CANBERRA, Australia — Sean Turnell, an Australian economist who spent almost two years in prison in Myanmar, received a hero’s welcome at the Australian Parliament building on Thursday, where MPs stood up to a standing ovation and the Prime Minister praised his courage, optimism and perseverance.
Turnell, an adviser to Myanmar’s elected leader Aung San Suu Kyi, was among American, Japanese and British nationals released on Nov. 17 as part of a broader prisoner amnesty on Myanmar’s National Victory Day.
Days after Myanmar’s military took control of the Southeast Asian country in February 2021, Turnell was arrested as he prepared to leave the country. In September, he was sentenced to three years in prison for violating the country’s Official Secrets Act and immigration laws.
The 58-year-old Sydney resident and his wife Ha Vu sat in the House of Representatives on Thursday for the last sitting of the year as MPs gave the couple a standing ovation.
“We are very happy to see from the response in the room that they are back,” Prime Minister Anthony Albanese told the couple.
Albanese said the military had “cheated human rights” in Myanmar, where Turnell worked intermittently for 30 years.
Albanese thanked the Association of Southeast Asian Nations and Japan for helping Australia’s diplomatic efforts to secure Turnell’s release.
“What he endured during his 650 days in prison is something no human being should have to endure, yet he did it graciously, even in inhumane conditions, with profound humanity,” Albanese told parliament.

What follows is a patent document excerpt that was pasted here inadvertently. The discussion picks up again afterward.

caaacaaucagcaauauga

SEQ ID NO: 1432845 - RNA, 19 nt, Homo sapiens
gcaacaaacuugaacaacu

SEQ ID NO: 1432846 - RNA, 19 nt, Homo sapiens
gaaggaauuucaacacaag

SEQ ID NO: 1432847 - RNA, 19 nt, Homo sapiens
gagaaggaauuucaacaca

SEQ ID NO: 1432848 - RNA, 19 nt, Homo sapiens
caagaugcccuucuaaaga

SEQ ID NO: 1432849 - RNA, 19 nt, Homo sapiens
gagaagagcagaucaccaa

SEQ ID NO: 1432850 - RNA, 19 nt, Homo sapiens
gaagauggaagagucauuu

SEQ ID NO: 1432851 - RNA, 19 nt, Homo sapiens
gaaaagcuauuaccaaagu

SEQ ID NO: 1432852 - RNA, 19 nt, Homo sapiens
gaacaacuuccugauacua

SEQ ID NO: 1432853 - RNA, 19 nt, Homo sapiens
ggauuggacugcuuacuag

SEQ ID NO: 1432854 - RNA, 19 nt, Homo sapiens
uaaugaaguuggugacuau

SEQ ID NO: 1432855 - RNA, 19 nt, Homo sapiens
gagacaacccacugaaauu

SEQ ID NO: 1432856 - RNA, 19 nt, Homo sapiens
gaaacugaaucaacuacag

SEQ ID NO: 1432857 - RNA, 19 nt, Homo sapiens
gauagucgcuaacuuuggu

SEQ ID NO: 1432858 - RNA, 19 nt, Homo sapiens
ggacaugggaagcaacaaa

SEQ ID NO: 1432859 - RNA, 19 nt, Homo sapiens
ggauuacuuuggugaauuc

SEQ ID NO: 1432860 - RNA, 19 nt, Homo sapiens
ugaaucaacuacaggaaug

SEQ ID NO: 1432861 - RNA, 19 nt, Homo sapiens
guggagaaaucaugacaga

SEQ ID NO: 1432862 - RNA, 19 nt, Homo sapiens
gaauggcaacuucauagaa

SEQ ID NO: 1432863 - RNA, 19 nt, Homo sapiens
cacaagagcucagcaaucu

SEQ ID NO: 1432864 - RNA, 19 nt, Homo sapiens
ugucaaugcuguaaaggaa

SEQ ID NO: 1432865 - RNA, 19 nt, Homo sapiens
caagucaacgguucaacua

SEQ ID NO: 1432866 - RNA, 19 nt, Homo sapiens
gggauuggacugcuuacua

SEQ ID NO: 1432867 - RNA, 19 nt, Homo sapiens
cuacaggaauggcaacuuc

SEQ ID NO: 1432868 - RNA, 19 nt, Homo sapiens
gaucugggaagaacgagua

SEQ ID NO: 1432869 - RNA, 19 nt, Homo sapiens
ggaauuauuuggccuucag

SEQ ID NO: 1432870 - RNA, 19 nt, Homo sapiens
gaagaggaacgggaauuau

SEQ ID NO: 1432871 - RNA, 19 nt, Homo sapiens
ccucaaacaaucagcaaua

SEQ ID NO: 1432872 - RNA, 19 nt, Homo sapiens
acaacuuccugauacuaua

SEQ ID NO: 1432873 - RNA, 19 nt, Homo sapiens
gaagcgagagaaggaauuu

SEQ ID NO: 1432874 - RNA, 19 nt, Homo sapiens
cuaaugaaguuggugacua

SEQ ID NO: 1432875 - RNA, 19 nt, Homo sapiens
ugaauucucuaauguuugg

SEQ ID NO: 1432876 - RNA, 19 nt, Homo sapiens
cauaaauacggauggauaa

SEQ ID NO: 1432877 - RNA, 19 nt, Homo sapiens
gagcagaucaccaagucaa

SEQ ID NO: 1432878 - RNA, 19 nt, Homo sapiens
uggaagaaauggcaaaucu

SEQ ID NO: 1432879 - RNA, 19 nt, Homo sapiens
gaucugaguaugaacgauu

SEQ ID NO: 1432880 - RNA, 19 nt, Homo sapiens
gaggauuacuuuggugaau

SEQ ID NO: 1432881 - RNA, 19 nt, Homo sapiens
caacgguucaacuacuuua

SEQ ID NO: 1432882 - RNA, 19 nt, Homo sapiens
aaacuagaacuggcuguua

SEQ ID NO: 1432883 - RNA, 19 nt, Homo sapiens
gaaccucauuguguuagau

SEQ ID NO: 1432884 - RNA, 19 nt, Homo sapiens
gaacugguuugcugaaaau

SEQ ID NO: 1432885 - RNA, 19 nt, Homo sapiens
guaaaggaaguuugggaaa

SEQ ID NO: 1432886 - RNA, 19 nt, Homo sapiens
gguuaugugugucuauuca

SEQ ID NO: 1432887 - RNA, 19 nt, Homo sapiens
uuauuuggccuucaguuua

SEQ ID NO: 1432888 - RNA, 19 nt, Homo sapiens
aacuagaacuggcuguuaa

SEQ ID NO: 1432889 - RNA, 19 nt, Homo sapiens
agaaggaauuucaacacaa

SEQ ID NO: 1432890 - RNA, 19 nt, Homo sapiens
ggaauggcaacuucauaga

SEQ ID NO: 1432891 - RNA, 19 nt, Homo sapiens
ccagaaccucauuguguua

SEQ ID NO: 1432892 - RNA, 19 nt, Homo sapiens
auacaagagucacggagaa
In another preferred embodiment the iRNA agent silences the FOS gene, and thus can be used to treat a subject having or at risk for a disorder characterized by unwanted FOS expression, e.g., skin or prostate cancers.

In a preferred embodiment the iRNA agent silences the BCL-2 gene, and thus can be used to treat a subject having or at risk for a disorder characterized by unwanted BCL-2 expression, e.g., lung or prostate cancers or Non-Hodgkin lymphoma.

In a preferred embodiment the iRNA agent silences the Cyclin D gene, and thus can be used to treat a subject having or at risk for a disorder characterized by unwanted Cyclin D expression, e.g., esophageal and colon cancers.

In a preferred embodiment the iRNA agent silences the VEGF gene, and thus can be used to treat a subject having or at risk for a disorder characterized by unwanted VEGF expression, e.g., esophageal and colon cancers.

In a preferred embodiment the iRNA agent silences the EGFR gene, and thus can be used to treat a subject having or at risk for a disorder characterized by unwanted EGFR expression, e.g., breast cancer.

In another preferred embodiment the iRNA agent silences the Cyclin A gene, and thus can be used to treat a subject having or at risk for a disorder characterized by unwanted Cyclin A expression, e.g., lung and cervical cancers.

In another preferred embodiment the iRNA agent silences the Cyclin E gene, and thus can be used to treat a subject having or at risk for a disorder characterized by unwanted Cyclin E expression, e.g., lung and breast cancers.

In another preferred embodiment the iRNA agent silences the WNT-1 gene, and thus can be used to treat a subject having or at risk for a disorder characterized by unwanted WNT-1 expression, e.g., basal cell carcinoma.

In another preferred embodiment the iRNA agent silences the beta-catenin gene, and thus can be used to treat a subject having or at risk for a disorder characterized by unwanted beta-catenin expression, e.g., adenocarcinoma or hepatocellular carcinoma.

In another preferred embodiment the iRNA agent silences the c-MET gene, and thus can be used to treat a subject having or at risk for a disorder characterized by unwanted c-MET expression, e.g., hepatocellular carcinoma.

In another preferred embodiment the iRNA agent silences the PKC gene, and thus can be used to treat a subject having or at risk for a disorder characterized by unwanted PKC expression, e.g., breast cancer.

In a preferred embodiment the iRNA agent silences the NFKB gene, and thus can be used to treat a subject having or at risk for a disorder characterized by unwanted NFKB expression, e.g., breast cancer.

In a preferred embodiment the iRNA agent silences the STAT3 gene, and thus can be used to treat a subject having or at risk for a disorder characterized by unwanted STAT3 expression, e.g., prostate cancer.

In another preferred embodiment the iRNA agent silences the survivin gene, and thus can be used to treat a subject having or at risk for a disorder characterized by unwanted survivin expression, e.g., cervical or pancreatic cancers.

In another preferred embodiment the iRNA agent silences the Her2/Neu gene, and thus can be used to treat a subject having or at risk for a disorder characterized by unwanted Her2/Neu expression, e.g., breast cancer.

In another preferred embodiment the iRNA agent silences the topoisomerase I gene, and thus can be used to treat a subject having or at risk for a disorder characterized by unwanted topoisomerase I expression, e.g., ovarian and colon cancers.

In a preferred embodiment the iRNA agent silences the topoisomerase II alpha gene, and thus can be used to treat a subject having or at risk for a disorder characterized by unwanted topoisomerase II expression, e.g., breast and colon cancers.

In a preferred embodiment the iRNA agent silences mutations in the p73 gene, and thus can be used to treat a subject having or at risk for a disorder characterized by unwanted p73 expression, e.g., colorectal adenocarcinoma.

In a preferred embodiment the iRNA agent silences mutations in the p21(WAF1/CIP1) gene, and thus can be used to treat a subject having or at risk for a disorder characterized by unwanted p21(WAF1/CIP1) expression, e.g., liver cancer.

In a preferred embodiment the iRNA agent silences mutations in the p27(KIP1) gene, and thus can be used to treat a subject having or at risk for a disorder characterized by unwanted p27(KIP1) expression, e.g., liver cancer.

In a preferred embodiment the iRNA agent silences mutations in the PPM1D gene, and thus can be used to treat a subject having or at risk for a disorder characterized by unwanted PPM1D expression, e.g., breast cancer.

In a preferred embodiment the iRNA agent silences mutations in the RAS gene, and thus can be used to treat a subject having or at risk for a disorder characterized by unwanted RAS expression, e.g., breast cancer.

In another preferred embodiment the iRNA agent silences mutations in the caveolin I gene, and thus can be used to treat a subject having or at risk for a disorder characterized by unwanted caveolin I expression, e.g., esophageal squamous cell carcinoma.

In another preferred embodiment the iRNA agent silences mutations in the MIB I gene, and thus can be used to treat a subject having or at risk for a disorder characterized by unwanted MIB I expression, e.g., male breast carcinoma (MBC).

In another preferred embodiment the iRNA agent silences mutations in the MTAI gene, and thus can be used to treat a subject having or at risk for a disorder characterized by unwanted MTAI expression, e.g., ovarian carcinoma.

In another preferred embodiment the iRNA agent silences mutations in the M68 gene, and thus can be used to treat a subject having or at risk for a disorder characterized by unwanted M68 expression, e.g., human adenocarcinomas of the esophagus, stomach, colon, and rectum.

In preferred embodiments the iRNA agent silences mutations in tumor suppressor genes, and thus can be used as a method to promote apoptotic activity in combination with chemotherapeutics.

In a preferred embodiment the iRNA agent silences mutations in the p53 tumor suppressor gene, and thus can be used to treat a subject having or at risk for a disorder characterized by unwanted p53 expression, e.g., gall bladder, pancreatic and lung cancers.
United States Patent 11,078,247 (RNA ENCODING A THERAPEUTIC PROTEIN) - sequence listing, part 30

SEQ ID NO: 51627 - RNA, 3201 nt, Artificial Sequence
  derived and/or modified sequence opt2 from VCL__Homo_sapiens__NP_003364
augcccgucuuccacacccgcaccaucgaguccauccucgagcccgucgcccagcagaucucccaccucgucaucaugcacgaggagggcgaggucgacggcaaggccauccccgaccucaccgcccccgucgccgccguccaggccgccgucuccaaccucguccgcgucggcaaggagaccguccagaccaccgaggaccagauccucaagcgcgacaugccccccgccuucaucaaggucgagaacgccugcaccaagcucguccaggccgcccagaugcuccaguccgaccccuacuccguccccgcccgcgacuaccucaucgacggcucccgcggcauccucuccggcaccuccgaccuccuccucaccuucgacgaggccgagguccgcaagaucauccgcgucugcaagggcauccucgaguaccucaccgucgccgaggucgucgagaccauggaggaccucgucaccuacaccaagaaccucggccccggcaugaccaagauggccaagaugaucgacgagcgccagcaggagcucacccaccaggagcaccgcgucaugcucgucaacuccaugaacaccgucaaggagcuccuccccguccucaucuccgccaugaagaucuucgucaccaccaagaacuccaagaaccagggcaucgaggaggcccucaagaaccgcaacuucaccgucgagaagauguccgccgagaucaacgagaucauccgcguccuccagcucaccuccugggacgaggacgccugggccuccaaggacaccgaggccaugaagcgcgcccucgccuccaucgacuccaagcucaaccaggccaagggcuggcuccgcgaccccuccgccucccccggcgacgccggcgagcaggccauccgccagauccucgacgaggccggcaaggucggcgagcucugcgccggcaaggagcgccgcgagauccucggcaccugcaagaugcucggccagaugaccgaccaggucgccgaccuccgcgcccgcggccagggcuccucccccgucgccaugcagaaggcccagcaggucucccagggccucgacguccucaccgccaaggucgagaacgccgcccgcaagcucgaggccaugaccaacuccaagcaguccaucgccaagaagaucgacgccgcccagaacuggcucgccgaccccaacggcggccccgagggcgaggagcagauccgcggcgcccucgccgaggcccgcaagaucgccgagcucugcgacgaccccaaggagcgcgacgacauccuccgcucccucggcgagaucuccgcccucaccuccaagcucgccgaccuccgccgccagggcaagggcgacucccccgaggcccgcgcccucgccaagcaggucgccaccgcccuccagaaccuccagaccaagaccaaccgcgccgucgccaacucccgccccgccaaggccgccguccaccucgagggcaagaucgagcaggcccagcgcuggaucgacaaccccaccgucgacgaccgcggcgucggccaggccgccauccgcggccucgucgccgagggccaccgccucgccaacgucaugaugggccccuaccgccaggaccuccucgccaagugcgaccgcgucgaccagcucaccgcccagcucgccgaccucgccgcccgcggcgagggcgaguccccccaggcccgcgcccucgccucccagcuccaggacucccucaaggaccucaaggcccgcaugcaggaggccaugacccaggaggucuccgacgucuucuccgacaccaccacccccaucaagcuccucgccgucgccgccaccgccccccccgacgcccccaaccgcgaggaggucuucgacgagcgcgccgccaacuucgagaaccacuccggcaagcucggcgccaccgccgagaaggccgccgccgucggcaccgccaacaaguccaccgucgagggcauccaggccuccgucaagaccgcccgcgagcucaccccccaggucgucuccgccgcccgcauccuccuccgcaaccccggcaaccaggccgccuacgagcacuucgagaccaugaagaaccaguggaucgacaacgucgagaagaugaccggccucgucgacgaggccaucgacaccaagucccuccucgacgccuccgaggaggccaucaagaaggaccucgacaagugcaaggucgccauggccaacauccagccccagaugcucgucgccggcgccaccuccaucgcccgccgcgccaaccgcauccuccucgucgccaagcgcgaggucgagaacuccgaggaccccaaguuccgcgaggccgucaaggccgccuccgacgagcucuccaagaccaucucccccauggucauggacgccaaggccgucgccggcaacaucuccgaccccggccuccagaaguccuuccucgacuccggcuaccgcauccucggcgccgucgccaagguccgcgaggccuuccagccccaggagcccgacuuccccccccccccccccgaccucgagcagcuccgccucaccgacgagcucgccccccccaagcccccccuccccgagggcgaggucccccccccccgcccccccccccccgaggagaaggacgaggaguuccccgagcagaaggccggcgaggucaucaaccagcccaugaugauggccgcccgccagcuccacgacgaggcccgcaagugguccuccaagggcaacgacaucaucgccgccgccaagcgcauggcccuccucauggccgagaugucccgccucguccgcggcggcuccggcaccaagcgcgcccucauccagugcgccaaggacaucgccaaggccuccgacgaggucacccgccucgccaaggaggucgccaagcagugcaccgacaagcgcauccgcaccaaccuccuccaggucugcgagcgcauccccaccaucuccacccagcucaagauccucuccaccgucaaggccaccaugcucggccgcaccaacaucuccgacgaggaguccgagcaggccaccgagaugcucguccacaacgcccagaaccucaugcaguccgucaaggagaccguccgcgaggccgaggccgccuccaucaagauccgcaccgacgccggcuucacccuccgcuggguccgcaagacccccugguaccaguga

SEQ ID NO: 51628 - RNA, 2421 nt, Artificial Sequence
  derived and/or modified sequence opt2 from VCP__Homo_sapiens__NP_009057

Speaking directly to Turnell, Albanese added, “Our relief and joy at your release is also tinged with no small amount of awe, reverence and respect for your courage, optimism and resilience.”
Turnell did not speak to Parliament. But in an interview with the Australian Broadcasting Corp., he described his ordeal and his joy at being reunited with his family.
An interrogator told him that he would never see his wife or child again.
Turnell said they were originally kept in isolation in a room called a “box,” which was like a windowless shipping container with a concrete floor.
Later, Insein was imprisoned in Yangon, Myanmar’s largest city. He was later taken to the capital, Naypyidaw, where he was held near a hut where Suu Kyi was imprisoned. They talked every week.
“The very first thing he said was, ‘I’m sorry, Sean, Ha, your dad and your whole family for bringing you into our problems,'” Turnell said.
Insein prison marked the end of solitary confinement, but was “fully open to the elements.”
“In Yangon open to the elements, it means monsoons, it means incredible heat, insects, rats, these horrible big scorpions that get into the cell,” Turnell said.
“Of course, his mind was that I was with people, other political prisoners. I’ll never forget the moment a very young political prisoner came up to me and said, “Sean, you’re safe now. You are with us, added Turnell.
“But I remember feeling, ‘Well, yeah, I’m with you, but we’re all here,'” Turnell laughed.